Swift Testing

Dynamically verified Swift mocks


9 minute read

Updated for Xcode 12

December has been a month of discovery for me. I’ve been exploring alternative approaches to different testing techniques in Swift.

Everything kicked off with a little experiment on how to test the UI without UI Testing. This got me thinking, what if we continue to bring more code “in house?” Fewer dependencies and more bespoke solutions.

That lead to rolling your own dependency injection in Swift. This explores a technique I’ve been using for a while but hadn’t yet talked much about.

Last week I wrote about an alternative to Swift mocks, inheritance instead of protocols. There’s a few trade-offs but its a technique I’m excited to use more in the new year.

To wrap up the month I’ll be diving into an alternative approach to recording function calls on Swift mocks. We’ll take advantage of a Swift literal expression to let the language do some of our heavy lifting.

Verifying function calls

This post, as most on Masilotti.com, follows the approach I take in Better unit testing with Swift. Here’s a quick summary/refresher.

All dependencies are protocols

First, all dependencies are protocols. Objects do not know about concrete types. To simplify for this example we will verify sent messages to a delegate.

Here we have a Visitor which loads a URL in a web view. After kicking off the request it is responsible for letting the delegate know when the visit starts and finishes.

protocol VisitDelegate: class {
    func visitDidStart()
    func visitDidFinish()
}

class Visitor: NSObject {
    private weak var delegate: VisitDelegate?
    private let webView = WKWebView()

    init(delegate: VisitDelegate) {
        self.delegate = delegate
        super.init()
        webView.navigationDelegate = self
    }

    func visit(_ url: URL) {
        webView.load(URLRequest(url: url))
        delegate?.visitDidStart()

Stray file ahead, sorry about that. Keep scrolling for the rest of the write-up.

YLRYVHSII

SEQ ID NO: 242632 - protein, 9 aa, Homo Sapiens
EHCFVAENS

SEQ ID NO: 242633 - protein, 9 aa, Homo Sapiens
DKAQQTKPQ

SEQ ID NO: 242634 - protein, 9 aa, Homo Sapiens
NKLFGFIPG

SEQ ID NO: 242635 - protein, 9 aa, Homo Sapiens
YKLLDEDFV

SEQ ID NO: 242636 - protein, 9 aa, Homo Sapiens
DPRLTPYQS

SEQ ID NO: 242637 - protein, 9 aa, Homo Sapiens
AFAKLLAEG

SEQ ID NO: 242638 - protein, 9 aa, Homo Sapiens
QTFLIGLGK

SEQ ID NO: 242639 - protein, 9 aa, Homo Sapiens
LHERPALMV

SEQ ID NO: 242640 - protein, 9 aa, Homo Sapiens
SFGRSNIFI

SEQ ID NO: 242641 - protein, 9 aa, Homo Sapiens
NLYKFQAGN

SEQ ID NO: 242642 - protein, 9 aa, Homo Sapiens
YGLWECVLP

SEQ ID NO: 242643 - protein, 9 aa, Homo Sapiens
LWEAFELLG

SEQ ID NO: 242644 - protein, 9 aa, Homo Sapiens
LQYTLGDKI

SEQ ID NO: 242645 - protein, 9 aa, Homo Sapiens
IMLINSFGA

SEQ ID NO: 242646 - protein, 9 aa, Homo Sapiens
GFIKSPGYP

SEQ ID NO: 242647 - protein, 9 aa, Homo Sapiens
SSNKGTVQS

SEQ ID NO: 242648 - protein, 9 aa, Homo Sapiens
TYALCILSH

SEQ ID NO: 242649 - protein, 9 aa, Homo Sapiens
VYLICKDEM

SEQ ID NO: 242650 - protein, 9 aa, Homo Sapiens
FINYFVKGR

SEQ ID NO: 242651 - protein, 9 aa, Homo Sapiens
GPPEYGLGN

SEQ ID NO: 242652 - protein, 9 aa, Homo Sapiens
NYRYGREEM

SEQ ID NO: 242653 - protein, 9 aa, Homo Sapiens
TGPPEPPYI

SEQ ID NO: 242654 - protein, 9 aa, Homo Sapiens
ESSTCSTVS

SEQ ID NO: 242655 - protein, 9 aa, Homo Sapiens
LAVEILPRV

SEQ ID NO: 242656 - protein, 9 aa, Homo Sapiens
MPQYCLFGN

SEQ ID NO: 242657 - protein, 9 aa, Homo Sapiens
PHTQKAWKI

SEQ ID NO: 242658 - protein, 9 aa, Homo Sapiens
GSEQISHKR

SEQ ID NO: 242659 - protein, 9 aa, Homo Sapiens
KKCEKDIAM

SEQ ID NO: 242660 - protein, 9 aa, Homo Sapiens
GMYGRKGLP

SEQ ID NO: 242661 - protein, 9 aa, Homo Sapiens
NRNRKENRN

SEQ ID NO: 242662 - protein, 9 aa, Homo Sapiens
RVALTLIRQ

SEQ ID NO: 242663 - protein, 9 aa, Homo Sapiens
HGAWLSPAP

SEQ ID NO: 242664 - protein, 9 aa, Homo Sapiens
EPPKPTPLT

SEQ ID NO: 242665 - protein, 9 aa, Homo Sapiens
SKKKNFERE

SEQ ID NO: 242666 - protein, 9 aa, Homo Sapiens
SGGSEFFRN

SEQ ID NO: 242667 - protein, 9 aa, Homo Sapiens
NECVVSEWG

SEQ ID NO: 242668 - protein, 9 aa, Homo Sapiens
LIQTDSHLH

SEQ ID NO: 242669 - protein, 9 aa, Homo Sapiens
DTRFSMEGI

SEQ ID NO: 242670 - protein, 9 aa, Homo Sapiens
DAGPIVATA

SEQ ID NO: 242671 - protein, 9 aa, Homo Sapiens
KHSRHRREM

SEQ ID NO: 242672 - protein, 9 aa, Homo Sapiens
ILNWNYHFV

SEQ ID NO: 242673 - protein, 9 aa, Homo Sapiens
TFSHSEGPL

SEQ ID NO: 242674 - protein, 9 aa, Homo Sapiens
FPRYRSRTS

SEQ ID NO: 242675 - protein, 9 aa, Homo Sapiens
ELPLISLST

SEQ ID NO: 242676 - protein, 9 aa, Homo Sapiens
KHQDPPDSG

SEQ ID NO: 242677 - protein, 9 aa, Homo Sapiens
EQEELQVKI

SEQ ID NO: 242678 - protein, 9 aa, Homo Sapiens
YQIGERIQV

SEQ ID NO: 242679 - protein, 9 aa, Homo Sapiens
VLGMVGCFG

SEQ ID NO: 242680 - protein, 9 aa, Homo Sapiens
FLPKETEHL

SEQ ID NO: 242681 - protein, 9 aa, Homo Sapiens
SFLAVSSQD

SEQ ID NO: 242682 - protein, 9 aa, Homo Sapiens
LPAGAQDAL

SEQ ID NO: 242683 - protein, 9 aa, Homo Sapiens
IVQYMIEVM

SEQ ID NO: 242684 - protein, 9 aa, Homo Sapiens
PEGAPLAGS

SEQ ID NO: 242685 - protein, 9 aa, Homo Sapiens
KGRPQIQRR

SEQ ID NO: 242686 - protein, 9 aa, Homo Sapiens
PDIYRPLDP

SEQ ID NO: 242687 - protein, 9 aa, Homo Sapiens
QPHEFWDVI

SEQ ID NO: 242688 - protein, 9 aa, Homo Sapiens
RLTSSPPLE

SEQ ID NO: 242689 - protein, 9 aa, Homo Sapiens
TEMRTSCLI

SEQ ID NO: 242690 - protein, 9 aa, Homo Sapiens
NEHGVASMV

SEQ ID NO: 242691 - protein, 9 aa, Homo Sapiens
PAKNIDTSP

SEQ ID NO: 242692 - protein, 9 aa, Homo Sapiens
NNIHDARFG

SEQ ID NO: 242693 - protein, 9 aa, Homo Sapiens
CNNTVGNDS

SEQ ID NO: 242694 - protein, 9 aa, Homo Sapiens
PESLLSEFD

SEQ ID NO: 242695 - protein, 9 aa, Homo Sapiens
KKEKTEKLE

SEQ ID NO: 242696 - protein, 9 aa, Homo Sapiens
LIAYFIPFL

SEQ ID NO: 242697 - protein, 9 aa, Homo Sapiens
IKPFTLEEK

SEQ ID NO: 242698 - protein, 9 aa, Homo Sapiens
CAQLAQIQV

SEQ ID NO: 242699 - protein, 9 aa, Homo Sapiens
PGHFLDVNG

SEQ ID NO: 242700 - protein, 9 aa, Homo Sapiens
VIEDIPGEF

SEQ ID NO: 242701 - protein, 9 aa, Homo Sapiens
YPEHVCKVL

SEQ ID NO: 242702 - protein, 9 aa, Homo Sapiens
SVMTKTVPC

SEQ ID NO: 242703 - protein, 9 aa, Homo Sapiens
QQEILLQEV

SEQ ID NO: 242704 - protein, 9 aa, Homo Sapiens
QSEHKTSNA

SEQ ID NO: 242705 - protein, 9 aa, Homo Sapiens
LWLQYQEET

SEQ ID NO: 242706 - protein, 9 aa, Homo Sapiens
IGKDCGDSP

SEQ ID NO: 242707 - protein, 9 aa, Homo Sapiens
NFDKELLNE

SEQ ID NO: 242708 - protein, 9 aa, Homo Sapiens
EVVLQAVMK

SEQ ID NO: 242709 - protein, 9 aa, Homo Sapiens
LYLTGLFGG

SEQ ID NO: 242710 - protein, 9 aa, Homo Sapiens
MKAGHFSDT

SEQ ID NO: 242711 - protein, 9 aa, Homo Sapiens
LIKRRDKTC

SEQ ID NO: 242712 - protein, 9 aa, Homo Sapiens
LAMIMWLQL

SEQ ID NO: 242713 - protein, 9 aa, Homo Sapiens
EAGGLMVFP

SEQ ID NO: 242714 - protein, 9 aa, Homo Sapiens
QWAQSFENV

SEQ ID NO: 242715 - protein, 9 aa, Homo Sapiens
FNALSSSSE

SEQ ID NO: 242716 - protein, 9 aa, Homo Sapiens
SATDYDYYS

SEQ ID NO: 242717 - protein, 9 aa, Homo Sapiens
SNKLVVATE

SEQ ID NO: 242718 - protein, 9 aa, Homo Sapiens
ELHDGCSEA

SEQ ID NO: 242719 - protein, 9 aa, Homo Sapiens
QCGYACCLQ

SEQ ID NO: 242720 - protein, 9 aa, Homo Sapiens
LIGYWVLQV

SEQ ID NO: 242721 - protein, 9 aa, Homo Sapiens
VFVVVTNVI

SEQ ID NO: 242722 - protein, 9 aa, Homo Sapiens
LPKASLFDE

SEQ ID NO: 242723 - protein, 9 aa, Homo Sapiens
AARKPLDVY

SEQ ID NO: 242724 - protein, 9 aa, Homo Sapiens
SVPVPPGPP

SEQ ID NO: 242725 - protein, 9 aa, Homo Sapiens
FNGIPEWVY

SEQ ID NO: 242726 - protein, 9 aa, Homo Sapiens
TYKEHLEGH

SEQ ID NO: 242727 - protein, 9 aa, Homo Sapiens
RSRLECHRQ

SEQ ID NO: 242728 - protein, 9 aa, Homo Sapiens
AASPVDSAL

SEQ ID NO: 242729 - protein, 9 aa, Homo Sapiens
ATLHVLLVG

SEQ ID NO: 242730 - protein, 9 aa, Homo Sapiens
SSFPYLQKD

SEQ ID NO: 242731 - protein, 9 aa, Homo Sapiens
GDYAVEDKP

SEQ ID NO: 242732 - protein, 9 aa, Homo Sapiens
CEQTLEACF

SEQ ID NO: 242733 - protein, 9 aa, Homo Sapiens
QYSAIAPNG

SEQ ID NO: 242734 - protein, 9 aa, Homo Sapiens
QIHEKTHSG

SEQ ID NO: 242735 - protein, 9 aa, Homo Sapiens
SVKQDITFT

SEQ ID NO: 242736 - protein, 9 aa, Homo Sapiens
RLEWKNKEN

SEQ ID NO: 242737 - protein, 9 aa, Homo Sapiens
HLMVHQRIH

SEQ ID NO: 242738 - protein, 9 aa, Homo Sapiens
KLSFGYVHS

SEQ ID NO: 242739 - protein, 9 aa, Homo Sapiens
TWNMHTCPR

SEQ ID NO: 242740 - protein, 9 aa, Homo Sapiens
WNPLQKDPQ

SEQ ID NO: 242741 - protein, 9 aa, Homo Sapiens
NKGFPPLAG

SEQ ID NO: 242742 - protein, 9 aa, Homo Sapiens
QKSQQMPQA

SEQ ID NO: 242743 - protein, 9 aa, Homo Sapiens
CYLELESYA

}
}

extension Visitor: WKNavigationDelegate {
    func webView(_ webView: WKWebView, didFinish navigation: WKNavigation!) {
        delegate?.visitDidFinish()
    }
}

Mocks implement the protocol

Our test doubles are mocks - they track which messages are sent to be verified later.

class MockVisitDelegate: VisitDelegate {
    private(set) var visitDidStart_wasCalled = false
    private(set) var visitDidFinish_wasCalled = false

    func visitDidStart() {
        visitDidStart_wasCalled = true
    }

    func visitDidFinish() {
        visitDidFinish_wasCalled = true
    }
}

Which we use to verify in our test.

class Tests: XCTestCase {
    // Needs to "live" in between tests otherwise XCTest crashes.
    let navigation = WKNavigation()

    func test_visit_tellsTheDelegate() {
        let delegate = MockVisitDelegate()
        let visitor = Visitor(delegate: delegate)
        visitor.visit(URL(string: "https://example.com/foo")!)
        XCTAssert(delegate.visitDidStart_wasCalled)
    }

    func test_webViewDidFinish_tellsTheDelegate() {
        let delegate = MockVisitDelegate()
        let visitor = Visitor(delegate: delegate)
        visitor.webView(WKWebView(), didFinish: navigation)
        XCTAssert(delegate.visitDidFinish_wasCalled)
    }
}

This approach works really well for tiny objects. But as it grows the boilerplate quickly adds up. Every new function requires a new property on the mock.